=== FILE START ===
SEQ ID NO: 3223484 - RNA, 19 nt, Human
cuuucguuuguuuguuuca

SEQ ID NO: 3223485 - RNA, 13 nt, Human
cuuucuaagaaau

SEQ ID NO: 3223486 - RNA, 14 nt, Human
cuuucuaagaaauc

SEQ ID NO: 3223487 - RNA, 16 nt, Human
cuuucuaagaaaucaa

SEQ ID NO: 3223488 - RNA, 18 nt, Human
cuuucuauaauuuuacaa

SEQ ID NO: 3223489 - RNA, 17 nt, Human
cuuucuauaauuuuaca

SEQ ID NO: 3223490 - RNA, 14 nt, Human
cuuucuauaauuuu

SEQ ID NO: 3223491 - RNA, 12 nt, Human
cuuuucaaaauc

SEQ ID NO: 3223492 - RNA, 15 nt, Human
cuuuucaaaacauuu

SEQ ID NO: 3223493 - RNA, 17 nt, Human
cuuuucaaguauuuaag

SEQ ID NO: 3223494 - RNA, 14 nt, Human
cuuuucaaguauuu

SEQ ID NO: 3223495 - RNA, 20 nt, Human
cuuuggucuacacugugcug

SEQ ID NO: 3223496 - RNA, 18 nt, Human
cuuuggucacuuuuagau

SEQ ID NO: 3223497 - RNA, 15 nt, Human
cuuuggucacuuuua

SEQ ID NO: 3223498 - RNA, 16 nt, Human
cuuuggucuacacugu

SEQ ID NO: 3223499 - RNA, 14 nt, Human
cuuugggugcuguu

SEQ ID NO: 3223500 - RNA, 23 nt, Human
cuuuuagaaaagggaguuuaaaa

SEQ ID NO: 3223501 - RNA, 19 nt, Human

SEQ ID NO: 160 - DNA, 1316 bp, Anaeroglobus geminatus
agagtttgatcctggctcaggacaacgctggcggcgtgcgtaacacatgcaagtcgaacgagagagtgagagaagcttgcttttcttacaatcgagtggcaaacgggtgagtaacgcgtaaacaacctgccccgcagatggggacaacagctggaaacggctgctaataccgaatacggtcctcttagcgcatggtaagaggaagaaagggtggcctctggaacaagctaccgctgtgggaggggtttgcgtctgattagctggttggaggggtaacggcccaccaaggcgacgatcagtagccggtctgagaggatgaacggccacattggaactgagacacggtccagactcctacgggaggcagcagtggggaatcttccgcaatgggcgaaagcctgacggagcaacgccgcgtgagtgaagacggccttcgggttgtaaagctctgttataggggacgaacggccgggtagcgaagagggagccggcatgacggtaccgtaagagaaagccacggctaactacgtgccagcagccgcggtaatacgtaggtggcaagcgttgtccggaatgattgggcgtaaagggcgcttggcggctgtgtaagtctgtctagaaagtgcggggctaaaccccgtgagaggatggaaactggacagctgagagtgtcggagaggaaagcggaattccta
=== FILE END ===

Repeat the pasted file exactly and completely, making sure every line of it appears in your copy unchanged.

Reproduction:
SEQ ID NO: 3223484 - RNA, 19 nt, Human
cuuucguuuguuuguuuca

SEQ ID NO: 3223485 - RNA, 13 nt, Human
cuuucuaagaaau

SEQ ID NO: 3223486 - RNA, 14 nt, Human
cuuucuaagaaauc

SEQ ID NO: 3223487 - RNA, 16 nt, Human
cuuucuaagaaaucaa

SEQ ID NO: 3223488 - RNA, 18 nt, Human
cuuucuauaauuuuacaa

SEQ ID NO: 3223489 - RNA, 17 nt, Human
cuuucuauaauuuuaca

SEQ ID NO: 3223490 - RNA, 14 nt, Human
cuuucuauaauuuu

SEQ ID NO: 3223491 - RNA, 12 nt, Human
cuuuucaaaauc

SEQ ID NO: 3223492 - RNA, 15 nt, Human
cuuuucaaaacauuu

SEQ ID NO: 3223493 - RNA, 17 nt, Human
cuuuucaaguauuuaag

SEQ ID NO: 3223494 - RNA, 14 nt, Human
cuuuucaaguauuu

SEQ ID NO: 3223495 - RNA, 20 nt, Human
cuuuggucuacacugugcug

SEQ ID NO: 3223496 - RNA, 18 nt, Human
cuuuggucacuuuuagau

SEQ ID NO: 3223497 - RNA, 15 nt, Human
cuuuggucacuuuua

SEQ ID NO: 3223498 - RNA, 16 nt, Human
cuuuggucuacacugu

SEQ ID NO: 3223499 - RNA, 14 nt, Human
cuuugggugcuguu

SEQ ID NO: 3223500 - RNA, 23 nt, Human
cuuuuagaaaagggaguuuaaaa

SEQ ID NO: 3223501 - RNA, 19 nt, Human

SEQ ID NO: 160 - DNA, 1316 bp, Anaeroglobus geminatus
agagtttgatcctggctcaggacaacgctggcggcgtgcgtaacacatgcaagtcgaacgagagagtgagagaagcttgcttttcttacaatcgagtggcaaacgggtgagtaacgcgtaaacaacctgccccgcagatggggacaacagctggaaacggctgctaataccgaatacggtcctcttagcgcatggtaagaggaagaaagggtggcctctggaacaagctaccgctgtgggaggggtttgcgtctgattagctggttggaggggtaacggcccaccaaggcgacgatcagtagccggtctgagaggatgaacggccacattggaactgagacacggtccagactcctacgggaggcagcagtggggaatcttccgcaatgggcgaaagcctgacggagcaacgccgcgtgagtgaagacggccttcgggttgtaaagctctgttataggggacgaacggccgggtagcgaagagggagccggcatgacggtaccgtaagagaaagccacggctaactacgtgccagcagccgcggtaatacgtaggtggcaagcgttgtccggaatgattgggcgtaaagggcgcttggcggctgtgtaagtctgtctagaaagtgcggggctaaaccccgtgagaggatggaaactggacagctgagagtgtcggagaggaaagcggaattccta